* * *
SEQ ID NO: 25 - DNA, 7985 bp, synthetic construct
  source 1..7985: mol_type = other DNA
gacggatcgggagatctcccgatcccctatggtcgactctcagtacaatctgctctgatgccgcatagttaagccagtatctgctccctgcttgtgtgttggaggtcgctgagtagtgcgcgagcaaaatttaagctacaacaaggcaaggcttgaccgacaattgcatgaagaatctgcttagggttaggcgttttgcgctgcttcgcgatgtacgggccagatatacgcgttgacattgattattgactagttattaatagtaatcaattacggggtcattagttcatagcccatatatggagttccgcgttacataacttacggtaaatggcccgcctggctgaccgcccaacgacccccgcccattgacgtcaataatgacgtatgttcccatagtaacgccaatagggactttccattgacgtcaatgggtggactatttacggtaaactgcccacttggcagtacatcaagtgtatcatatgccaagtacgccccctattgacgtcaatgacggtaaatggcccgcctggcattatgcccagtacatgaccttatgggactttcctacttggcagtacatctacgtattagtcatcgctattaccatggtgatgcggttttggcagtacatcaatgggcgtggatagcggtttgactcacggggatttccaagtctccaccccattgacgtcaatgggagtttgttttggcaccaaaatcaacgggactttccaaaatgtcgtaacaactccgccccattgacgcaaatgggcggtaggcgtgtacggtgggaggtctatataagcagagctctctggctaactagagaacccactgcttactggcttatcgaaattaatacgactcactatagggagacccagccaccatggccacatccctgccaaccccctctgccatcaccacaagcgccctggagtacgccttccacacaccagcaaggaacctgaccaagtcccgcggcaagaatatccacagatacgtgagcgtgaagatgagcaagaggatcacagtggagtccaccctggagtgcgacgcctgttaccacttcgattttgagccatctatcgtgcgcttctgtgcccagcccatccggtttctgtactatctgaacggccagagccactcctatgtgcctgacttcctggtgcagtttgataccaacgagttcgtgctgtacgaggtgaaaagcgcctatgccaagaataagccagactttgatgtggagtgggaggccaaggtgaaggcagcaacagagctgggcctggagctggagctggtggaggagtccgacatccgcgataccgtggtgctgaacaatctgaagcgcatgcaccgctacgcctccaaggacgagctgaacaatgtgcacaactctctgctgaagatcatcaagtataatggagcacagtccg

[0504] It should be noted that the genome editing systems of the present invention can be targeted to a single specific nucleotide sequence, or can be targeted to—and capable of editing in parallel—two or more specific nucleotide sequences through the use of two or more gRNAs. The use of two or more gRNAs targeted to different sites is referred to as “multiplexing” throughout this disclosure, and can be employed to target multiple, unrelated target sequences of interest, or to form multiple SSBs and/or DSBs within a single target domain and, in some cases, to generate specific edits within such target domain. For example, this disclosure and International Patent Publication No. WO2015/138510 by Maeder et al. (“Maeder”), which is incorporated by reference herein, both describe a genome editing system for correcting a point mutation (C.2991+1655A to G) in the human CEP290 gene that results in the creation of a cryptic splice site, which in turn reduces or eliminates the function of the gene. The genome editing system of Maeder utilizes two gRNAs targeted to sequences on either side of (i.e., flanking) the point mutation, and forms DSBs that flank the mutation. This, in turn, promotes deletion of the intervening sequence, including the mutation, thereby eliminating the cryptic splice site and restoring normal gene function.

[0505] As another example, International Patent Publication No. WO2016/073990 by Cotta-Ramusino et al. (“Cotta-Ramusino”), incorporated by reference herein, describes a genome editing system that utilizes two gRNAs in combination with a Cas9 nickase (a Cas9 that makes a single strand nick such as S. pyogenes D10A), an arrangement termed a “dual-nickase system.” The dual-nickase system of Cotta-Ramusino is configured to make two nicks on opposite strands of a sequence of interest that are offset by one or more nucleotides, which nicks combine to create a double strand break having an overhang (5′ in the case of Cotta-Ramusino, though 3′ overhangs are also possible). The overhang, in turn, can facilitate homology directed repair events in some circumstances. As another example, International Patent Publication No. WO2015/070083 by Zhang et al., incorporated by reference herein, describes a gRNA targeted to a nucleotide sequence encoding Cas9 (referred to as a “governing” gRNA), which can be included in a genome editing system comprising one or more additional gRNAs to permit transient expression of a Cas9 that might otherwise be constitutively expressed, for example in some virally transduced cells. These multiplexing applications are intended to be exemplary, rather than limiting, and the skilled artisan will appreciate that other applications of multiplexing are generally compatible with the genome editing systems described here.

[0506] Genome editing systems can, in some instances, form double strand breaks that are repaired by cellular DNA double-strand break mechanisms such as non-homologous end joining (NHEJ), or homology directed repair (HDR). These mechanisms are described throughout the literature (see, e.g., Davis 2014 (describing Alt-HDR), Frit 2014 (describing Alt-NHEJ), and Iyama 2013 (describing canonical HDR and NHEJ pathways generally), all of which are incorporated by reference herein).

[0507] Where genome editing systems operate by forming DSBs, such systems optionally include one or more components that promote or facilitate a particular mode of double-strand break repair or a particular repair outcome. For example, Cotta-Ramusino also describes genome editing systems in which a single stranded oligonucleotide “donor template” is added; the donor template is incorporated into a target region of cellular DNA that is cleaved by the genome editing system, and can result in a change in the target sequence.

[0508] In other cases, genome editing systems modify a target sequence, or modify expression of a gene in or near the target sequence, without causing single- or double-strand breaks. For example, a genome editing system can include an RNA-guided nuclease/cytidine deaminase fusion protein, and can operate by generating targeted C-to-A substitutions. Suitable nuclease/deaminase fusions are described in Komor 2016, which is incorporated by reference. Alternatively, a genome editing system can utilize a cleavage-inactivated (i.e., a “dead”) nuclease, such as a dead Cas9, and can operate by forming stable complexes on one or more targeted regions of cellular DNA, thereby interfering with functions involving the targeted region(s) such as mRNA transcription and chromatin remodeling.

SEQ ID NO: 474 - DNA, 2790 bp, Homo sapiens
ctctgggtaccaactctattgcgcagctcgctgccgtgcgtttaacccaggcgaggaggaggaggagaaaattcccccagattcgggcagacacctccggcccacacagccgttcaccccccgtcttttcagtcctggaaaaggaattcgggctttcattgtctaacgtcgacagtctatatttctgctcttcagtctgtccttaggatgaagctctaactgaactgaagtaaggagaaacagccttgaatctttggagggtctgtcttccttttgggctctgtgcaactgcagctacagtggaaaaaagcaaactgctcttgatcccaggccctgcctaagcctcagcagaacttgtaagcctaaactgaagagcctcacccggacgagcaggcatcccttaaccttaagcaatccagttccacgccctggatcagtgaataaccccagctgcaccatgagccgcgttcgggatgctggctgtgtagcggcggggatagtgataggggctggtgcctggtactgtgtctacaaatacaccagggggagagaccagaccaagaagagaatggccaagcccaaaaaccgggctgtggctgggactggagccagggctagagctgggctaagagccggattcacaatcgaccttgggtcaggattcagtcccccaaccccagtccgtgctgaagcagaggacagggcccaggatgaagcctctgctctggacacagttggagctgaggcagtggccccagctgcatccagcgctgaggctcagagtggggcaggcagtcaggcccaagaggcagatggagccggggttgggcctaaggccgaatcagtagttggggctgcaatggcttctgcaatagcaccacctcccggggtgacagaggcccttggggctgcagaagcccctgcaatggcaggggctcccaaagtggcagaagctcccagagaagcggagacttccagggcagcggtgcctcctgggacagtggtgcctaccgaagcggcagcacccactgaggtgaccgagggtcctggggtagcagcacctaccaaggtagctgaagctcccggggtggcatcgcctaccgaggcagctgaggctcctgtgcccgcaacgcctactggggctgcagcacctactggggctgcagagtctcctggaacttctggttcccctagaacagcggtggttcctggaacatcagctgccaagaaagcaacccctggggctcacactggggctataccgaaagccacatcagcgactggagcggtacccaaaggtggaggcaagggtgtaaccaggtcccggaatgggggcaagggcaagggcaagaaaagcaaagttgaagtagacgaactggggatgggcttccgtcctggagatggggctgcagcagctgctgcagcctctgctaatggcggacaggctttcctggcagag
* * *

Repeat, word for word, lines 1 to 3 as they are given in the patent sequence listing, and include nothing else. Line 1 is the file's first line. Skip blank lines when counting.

SEQ ID NO: 25 - DNA, 7985 bp, synthetic construct
  source 1..7985: mol_type = other DNA
gacggatcgggagatctcccgatcccctatggtcgactctcagtacaatctgctctgatgccgcatagttaagccagtatctgctccctgcttgtgtgttggaggtcgctgagtagtgcgcgagcaaaatttaagctacaacaaggcaaggcttgaccgacaattgcatgaagaatctgcttagggttaggcgttttgcgctgcttcgcgatgtacgggccagatatacgcgttgacattgattattgactagttattaatagtaatcaattacggggtcattagttcatagcccatatatggagttccgcgttacataacttacggtaaatggcccgcctggctgaccgcccaacgacccccgcccattgacgtcaataatgacgtatgttcccatagtaacgccaatagggactttccattgacgtcaatgggtggactatttacggtaaactgcccacttggcagtacatcaagtgtatcatatgccaagtacgccccctattgacgtcaatgacggtaaatggcccgcctggcattatgcccagtacatgaccttatgggactttcctacttggcagtacatctacgtattagtcatcgctattaccatggtgatgcggttttggcagtacatcaatgggcgtggatagcggtttgactcacggggatttccaagtctccaccccattgacgtcaatgggagtttgttttggcaccaaaatcaacgggactttccaaaatgtcgtaacaactccgccccattgacgcaaatgggcggtaggcgtgtacggtgggaggtctatataagcagagctctctggctaactagagaacccactgcttactggcttatcgaaattaatacgactcactatagggagacccagccaccatggccacatccctgccaaccccctctgccatcaccacaagcgccctggagtacgccttccacacaccagcaaggaacctgaccaagtcccgcggcaagaatatccacagatacgtgagcgtgaagatgagcaagaggatcacagtggagtccaccctggagtgcgacgcctgttaccacttcgattttgagccatctatcgtgcgcttctgtgcccagcccatccggtttctgtactatctgaacggccagagccactcctatgtgcctgacttcctggtgcagtttgataccaacgagttcgtgctgtacgaggtgaaaagcgcctatgccaagaataagccagactttgatgtggagtgggaggccaaggtgaaggcagcaacagagctgggcctggagctggagctggtggaggagtccgacatccgcgataccgtggtgctgaacaatctgaagcgcatgcaccgctacgcctccaaggacgagctgaacaatgtgcacaactctctgctgaagatcatcaagtataatggagcacagtccg